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The SKY contract for RL - good or bad?


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#1 The Parksider

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Posted 09 December 2012 - 08:30 AM

A significant number of people have argued on here the SKY contract we signed to get at TV money has been bad for the game and has had many detrimental effects.

There's arguments that it hasn't really boosted crowds, that it has destroyed the challenge cup, that it is killing championship clubs, that it has brought down the quality of the GB/England international side and ruined international attendances.

AFAIK we had a choice.

1. To take the SKY money in return for creating a small professional elite league.

2. Take well under a quarter of the sum offered by SKY from the BBC and have more control of what we do with our game but remain semi pro.

Where do you think our game would be today if we had remained semi professional??

#2 walter sobchak

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Posted 09 December 2012 - 09:12 AM

Can't say that I'm an expert when it comes to the fine detail of the sky contract but does sky have a say in whether there's promotion and relegation and the number of SL clubs?

#3 JohnM

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Posted 09 December 2012 - 09:19 AM

Without Sky, I reckon that rugby league would now be as big as...lacrosse, real tennis, dwile flunking. Clearly the number of paying spectators has gone up, but the big win comes from the huge amount of money that has been injected into the game by the 150000 to 200000 viewers of the game on Sky.

#4 shrek

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Posted 09 December 2012 - 09:31 AM

My tuppenceworth would be that its not been bad for the game, but then I don't think we've made the most of the money coming in and that for me probably stems back to the initial rampant wage inflation as we secured the contracts of our star players who could have been tempted to the newly professional code of Rugby Union or onto either side of the Australian "Super League War". I bet our top earners now don't earn much, if anything more than our top earners then and the reality is some clubs income are still playing catch up.

As an outsider looking in I think the split caused by the initial contract has probably hamstrung the RFL, I stand to be corrected, but it must be hard for the governing body to put in place long term strategies when your flagship clubs have walked away and could do again taking the flagship competition with them.

I'd have thought the drying up of Union converts did as much to "weaken" the GB team as much as the Sky contract no longer seeing the likes of Davies, Tait and Offiah landing in the game.

Not sure the Challenge Cup has/is been/being destroyed, I'd have to dig out the crowd figures but my gut feeling is that crowds are probably much of a muchness but don't look as favorable these days as corresponding league fixtures now attract larger crowds than they did. Plus our major partner in Sky have probably been guilty of talking down/ignoring the comp as it wasn't one the covered, I expect now it's the best thing since sliced bread and they'll big it up throughout the season!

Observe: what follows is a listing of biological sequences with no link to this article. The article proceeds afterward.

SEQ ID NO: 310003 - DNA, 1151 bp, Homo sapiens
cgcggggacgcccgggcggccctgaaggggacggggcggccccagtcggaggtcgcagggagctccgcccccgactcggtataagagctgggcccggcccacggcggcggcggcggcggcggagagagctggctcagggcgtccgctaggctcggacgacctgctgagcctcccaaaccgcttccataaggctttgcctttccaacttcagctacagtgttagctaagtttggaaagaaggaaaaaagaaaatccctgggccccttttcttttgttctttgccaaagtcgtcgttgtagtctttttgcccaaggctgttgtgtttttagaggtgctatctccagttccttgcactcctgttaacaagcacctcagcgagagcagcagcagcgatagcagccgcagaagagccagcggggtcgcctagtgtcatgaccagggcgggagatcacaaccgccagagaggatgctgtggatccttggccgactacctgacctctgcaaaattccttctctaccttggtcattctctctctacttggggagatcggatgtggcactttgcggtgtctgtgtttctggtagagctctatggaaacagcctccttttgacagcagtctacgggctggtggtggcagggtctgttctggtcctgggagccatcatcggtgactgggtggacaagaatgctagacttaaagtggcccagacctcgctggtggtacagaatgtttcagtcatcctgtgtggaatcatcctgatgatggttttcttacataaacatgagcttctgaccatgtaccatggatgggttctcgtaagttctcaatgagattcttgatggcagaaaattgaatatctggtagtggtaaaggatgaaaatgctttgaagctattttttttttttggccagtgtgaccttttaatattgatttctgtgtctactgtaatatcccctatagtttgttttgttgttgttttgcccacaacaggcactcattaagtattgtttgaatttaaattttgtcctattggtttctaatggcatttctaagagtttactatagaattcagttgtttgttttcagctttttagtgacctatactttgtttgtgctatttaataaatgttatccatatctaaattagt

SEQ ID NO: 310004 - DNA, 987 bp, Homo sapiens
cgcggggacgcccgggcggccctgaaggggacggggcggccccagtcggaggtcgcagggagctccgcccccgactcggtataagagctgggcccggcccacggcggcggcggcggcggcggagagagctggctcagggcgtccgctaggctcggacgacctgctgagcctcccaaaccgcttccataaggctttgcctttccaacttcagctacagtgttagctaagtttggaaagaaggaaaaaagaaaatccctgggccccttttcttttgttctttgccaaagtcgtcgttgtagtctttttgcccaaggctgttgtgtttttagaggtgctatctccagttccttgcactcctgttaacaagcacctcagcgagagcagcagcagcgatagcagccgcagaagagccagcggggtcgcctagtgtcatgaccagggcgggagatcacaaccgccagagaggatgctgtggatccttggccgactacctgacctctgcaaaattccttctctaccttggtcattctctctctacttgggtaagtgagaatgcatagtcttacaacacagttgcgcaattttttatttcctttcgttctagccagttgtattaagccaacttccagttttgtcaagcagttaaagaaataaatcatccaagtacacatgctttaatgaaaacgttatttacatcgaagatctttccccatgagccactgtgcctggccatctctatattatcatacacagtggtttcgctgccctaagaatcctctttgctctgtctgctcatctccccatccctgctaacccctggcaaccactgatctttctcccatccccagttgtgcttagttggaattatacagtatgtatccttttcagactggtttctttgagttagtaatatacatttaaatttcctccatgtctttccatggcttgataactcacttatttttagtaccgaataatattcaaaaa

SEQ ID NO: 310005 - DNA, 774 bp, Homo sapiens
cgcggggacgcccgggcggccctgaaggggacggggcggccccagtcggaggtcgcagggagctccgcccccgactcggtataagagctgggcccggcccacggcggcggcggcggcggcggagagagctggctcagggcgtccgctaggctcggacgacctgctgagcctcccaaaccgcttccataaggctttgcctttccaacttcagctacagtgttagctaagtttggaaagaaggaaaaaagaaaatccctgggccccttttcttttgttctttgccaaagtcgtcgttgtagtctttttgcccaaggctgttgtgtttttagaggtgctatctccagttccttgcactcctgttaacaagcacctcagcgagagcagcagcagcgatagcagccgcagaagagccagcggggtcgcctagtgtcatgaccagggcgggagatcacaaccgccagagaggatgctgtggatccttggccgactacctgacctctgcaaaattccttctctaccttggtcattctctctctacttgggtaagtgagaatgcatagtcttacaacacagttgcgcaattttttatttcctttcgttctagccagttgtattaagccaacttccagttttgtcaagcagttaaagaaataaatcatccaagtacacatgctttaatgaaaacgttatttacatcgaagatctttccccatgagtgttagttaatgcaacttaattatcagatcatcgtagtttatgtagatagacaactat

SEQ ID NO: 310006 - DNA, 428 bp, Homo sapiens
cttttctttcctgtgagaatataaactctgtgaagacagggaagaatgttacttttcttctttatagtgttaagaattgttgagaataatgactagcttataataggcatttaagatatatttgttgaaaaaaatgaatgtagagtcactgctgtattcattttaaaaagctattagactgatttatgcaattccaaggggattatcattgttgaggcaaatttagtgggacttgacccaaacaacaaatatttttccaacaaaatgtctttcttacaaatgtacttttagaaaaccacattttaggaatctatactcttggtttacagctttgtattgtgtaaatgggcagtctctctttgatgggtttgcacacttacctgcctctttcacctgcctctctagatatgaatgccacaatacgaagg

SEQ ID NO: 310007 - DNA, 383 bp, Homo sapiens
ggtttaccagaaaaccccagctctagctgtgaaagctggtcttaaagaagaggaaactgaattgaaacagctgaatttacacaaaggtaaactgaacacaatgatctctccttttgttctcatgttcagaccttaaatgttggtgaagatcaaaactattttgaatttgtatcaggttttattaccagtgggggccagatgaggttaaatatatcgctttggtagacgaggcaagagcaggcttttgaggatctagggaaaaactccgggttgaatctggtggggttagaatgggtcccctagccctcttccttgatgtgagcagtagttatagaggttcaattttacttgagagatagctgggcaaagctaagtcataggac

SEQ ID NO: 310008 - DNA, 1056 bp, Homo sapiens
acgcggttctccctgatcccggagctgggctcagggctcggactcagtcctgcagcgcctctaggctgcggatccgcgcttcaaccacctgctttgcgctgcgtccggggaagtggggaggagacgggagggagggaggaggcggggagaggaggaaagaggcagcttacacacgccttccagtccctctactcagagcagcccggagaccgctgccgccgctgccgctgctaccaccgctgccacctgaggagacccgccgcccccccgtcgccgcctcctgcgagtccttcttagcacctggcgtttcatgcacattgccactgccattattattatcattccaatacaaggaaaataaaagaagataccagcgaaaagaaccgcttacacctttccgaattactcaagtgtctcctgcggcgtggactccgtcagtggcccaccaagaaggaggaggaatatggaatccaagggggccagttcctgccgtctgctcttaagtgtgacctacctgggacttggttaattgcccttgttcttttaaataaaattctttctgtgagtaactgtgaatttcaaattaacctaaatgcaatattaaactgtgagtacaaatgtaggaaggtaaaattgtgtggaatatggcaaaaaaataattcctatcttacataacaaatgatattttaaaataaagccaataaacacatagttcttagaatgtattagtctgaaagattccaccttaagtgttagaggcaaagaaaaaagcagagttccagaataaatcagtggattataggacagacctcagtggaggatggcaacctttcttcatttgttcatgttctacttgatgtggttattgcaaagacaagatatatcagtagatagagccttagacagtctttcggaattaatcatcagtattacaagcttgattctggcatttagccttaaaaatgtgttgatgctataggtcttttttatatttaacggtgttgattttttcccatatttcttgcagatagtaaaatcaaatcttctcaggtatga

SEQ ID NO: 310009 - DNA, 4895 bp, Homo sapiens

Ultimately we the fans are as bigger issue as the Sky contract when it comes to crowds in the Challenge Cup, we seem reluctant to support anything outside of our season tickets and finals involving our teams!

The leagues below Super League are a mess, there's tough decisions to be made with regard structure and its future that I don't think have been made yet. I don't think the current set up (which to be fair has been covered to death) does anyone any favours and in my opinion is guilty of trying to be all things to all people.

I'm fully aware of your opinions on clubs building in the Championship, but to me this one of our biggest weaknesses for two reasons. Firstly if we can't sell the game in towns such as Oldham that have played the game in one form or another since day one how can we expect to come up with a formula to sell the game outside of the heartlands? Secondly, clubs need somewhere to build momentum, build fanbases structures, cultivate players and grow, forgetting our existing sides, I just don't see how top down expansion in the UK is ever going to work, so for the sake of expansion in my mind the Championships have to provide a solid foundation that clubs can progress through.

Without the Sky contract, I suspect we'd probably be in a similar position today than we are now, the grounds might be shabbier, more players may have been picked off by the RFU and NRL but we'd still be a game focused to much on infighting and divisions that do the game no good with an underlying feeling that we have "the greatest game" but the next crisis is only a copy of League Express away!

Wasn't mean't to be such a long winded reply sorry - guilty of quantity over quality!

#5 Ackroman

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Posted 09 December 2012 - 10:53 AM

In principle it was good for the game but time is proving otherwise.

#6 Ackroman

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Posted 09 December 2012 - 10:58 AM

2. Take well under a quarter of the sum offered by SKY from the BBC and have more control of what we do with our game but remain semi pro.


Slight issue with this in that you assume that is what would have happened. Sky have exclusive rights for RL which prevents the RFL collaborating with anyone else. Without an exclusive arrangement in place you have the ability to look at other formats and revenue streams. Since 1995 there's been an explosion of TV channels and on-line media that RL could exploit.